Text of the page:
My experience is hardly an outlier. Almost every Asian American I met can point to education as the key that opened doors either for their ancestors or themselves in the United States.
Asian Cultures Also Value Intact Families
In addition, Asian cultures place great value on family and marriage. Research shows, “Asian-Americans have the highest percentage of marriage (65 % versus 61% for whites) and the lowest percentage of divorce (4% versus 10.5% for whites).” In addition, “Eighty-two percent of children under 18 in the U.S. Asian/Pacific Islander population live with both of their parents.” It has long been proven that “children within a safe, stable, and supportive family environment academically perform well in school.”
One would imagine that a diversity, equity, and inclusion (DEI) training would be the perfect venue to discuss how these cultural factors such as prioritizing education, emphasizing hard work, and valuing family and marriage contribute to Asian American students’ academic success. Instead, James-Ward chose to focus on finances alone. Her comments were disparaging and divisive.
She had since apologized, claiming her words were taken out of context. Last week, the school board voted 3-1 to place her on administrative leave.
These False Claims Hurt People
But the bigger issue here is that many on the left widely share James-Ward’s belief that academic achievement is the result of money. They have used similar arguments to successfully push K-12 schools to eliminate gifted and talented programs, and elite high schools from San Francisco to Virginia to cancel entrance exams.
Under similar pressure, colleges have dropped SAT and ACT scores from admission criteria. These so-called education “equity” reforms have lowered education standards and hurt children from disadvantaged backgrounds, including many Asian students.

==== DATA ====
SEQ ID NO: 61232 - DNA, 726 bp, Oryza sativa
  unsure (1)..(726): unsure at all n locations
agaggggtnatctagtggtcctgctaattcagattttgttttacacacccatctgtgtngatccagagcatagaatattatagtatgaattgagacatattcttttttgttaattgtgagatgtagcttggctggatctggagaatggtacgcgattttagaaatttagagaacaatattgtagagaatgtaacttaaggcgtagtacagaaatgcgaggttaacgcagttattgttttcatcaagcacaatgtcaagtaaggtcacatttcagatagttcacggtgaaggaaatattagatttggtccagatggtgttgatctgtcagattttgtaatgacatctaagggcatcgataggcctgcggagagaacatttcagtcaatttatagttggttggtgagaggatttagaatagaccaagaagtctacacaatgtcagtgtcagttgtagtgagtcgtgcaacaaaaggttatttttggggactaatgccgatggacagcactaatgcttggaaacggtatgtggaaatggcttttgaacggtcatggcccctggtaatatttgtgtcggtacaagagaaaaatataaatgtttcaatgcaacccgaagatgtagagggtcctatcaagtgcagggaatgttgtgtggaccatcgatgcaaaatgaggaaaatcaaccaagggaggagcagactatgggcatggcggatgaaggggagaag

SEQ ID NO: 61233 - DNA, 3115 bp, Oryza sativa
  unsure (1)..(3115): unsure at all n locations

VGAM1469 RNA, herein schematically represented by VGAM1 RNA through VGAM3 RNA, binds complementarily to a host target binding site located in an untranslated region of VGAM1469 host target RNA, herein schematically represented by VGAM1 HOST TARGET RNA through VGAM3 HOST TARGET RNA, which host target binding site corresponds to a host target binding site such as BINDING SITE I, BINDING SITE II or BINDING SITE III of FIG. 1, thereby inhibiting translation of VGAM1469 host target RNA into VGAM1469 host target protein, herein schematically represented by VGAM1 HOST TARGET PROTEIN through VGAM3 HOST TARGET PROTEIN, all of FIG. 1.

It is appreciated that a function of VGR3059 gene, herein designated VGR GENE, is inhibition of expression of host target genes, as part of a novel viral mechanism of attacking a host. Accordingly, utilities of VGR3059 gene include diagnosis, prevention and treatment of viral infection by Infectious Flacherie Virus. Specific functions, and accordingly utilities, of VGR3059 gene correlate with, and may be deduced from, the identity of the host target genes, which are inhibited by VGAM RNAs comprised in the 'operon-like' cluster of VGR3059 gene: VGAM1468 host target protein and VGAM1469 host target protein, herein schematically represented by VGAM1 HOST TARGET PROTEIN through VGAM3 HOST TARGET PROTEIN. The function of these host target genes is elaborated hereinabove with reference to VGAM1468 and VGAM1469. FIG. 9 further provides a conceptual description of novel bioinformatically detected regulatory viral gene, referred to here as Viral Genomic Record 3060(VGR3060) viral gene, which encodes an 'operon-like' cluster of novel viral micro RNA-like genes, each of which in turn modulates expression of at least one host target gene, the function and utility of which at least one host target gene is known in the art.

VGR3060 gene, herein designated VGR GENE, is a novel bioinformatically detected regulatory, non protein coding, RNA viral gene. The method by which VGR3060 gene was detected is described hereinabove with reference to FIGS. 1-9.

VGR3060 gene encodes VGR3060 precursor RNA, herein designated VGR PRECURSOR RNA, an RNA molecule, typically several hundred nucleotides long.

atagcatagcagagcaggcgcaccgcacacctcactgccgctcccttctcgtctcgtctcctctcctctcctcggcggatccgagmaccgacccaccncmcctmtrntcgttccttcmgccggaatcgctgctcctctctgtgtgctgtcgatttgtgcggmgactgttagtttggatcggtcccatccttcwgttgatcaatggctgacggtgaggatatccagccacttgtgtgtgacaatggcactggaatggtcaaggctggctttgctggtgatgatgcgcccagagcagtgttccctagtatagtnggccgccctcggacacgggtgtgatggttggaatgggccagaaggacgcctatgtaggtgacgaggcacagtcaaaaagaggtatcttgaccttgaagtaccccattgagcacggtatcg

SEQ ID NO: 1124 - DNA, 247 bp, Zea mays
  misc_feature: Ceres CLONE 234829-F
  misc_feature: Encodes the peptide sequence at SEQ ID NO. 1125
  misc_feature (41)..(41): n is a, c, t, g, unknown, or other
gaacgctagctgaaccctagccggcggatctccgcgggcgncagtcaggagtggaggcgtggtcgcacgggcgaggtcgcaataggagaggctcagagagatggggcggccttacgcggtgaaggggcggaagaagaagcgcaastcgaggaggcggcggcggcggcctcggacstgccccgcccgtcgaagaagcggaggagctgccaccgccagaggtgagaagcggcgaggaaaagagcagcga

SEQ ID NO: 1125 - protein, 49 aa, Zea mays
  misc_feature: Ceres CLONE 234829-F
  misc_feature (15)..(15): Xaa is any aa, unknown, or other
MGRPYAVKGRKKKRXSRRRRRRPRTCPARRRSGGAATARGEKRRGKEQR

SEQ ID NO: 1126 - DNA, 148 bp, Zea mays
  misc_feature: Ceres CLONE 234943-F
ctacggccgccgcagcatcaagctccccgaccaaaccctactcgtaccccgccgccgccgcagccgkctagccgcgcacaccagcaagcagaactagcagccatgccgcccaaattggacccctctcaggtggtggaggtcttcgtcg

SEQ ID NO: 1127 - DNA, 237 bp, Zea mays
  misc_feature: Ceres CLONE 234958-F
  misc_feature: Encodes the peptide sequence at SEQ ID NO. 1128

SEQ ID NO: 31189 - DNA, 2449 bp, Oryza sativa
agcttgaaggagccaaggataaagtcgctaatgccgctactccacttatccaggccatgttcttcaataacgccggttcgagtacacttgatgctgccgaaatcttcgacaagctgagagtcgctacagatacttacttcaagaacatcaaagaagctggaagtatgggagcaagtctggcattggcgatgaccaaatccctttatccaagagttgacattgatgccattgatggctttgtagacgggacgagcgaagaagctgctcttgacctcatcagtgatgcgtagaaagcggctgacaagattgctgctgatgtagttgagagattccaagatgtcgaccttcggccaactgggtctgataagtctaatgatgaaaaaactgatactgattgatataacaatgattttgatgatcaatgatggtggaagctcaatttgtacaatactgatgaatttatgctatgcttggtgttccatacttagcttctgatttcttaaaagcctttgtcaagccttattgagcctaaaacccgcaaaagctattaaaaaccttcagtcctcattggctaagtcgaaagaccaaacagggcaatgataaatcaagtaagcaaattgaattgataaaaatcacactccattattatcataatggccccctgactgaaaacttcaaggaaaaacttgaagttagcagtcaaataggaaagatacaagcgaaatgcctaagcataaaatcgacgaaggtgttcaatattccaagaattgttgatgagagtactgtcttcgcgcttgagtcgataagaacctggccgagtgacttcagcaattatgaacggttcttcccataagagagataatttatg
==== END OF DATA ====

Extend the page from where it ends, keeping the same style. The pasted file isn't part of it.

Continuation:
Fortunately, Asian Americans are fighting back. A coalition of Asian parents and community members brought a lawsuit against the Fairfax County, Virginia school board, arguing that its racial quotas for admission to the highly ranked Thomas Jefferson High School for Science and Technology (TJ) violated the rights of Asian-American applicants. The Supreme Court recently denied a request to pause the racial quotas, but the case is moving forward.
The Supreme Court has also already agreed to take a college affirmative-action case brought by Students for Fair Admissions on behalf of Asian students and parents, which alleges the undergraduate admission processes at Harvard University intentionally discriminates against Asian Americans. Hopefully, the court will uphold the Constitution and ensure no American students will be subject to racial prejudices when pursuing educational opportunities.
This content was originally published here.